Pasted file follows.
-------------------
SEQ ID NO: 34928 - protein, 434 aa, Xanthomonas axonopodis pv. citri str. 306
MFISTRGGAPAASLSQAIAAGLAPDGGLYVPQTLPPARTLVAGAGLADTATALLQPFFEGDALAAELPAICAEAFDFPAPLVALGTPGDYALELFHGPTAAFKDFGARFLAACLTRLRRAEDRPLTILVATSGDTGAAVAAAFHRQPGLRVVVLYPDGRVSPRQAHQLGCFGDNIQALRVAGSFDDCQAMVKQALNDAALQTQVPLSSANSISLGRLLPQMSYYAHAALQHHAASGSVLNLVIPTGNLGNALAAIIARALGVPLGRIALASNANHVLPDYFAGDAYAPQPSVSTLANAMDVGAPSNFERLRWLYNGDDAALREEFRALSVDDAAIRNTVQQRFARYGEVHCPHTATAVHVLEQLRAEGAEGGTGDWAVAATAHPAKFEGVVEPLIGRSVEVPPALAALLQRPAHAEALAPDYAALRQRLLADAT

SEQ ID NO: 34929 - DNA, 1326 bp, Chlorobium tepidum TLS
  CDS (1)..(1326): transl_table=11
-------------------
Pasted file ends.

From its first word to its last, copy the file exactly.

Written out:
SEQ ID NO: 34928 - protein, 434 aa, Xanthomonas axonopodis pv. citri str. 306
MFISTRGGAPAASLSQAIAAGLAPDGGLYVPQTLPPARTLVAGAGLADTATALLQPFFEGDALAAELPAICAEAFDFPAPLVALGTPGDYALELFHGPTAAFKDFGARFLAACLTRLRRAEDRPLTILVATSGDTGAAVAAAFHRQPGLRVVVLYPDGRVSPRQAHQLGCFGDNIQALRVAGSFDDCQAMVKQALNDAALQTQVPLSSANSISLGRLLPQMSYYAHAALQHHAASGSVLNLVIPTGNLGNALAAIIARALGVPLGRIALASNANHVLPDYFAGDAYAPQPSVSTLANAMDVGAPSNFERLRWLYNGDDAALREEFRALSVDDAAIRNTVQQRFARYGEVHCPHTATAVHVLEQLRAEGAEGGTGDWAVAATAHPAKFEGVVEPLIGRSVEVPPALAALLQRPAHAEALAPDYAALRQRLLADAT

SEQ ID NO: 34929 - DNA, 1326 bp, Chlorobium tepidum TLS
  CDS (1)..(1326): transl_table=11